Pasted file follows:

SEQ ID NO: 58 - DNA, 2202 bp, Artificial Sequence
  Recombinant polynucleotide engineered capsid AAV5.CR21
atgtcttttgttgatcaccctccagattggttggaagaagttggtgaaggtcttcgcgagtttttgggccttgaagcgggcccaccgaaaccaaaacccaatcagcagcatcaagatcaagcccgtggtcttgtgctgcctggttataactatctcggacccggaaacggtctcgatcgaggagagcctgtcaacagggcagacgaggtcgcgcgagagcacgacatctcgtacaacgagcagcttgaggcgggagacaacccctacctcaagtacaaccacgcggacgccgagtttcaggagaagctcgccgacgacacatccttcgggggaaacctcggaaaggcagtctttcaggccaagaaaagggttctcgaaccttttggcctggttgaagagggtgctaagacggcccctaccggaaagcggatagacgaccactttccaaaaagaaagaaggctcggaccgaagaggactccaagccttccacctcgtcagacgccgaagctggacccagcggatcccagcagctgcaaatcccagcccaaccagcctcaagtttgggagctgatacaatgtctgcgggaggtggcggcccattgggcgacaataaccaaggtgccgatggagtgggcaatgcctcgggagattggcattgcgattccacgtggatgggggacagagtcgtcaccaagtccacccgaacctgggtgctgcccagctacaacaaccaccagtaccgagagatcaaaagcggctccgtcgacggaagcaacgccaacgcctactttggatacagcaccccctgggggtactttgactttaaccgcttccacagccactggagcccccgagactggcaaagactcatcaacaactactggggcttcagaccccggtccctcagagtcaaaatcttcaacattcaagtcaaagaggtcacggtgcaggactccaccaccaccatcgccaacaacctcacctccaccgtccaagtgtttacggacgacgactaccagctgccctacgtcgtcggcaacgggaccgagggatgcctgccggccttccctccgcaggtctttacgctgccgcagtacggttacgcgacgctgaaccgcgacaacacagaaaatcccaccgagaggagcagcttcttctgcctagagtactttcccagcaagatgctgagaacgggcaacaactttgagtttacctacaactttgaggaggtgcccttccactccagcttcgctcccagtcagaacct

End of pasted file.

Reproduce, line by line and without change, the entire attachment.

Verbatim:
SEQ ID NO: 58 - DNA, 2202 bp, Artificial Sequence
  Recombinant polynucleotide engineered capsid AAV5.CR21
atgtcttttgttgatcaccctccagattggttggaagaagttggtgaaggtcttcgcgagtttttgggccttgaagcgggcccaccgaaaccaaaacccaatcagcagcatcaagatcaagcccgtggtcttgtgctgcctggttataactatctcggacccggaaacggtctcgatcgaggagagcctgtcaacagggcagacgaggtcgcgcgagagcacgacatctcgtacaacgagcagcttgaggcgggagacaacccctacctcaagtacaaccacgcggacgccgagtttcaggagaagctcgccgacgacacatccttcgggggaaacctcggaaaggcagtctttcaggccaagaaaagggttctcgaaccttttggcctggttgaagagggtgctaagacggcccctaccggaaagcggatagacgaccactttccaaaaagaaagaaggctcggaccgaagaggactccaagccttccacctcgtcagacgccgaagctggacccagcggatcccagcagctgcaaatcccagcccaaccagcctcaagtttgggagctgatacaatgtctgcgggaggtggcggcccattgggcgacaataaccaaggtgccgatggagtgggcaatgcctcgggagattggcattgcgattccacgtggatgggggacagagtcgtcaccaagtccacccgaacctgggtgctgcccagctacaacaaccaccagtaccgagagatcaaaagcggctccgtcgacggaagcaacgccaacgcctactttggatacagcaccccctgggggtactttgactttaaccgcttccacagccactggagcccccgagactggcaaagactcatcaacaactactggggcttcagaccccggtccctcagagtcaaaatcttcaacattcaagtcaaagaggtcacggtgcaggactccaccaccaccatcgccaacaacctcacctccaccgtccaagtgtttacggacgacgactaccagctgccctacgtcgtcggcaacgggaccgagggatgcctgccggccttccctccgcaggtctttacgctgccgcagtacggttacgcgacgctgaaccgcgacaacacagaaaatcccaccgagaggagcagcttcttctgcctagagtactttcccagcaagatgctgagaacgggcaacaactttgagtttacctacaactttgaggaggtgcccttccactccagcttcgctcccagtcagaacct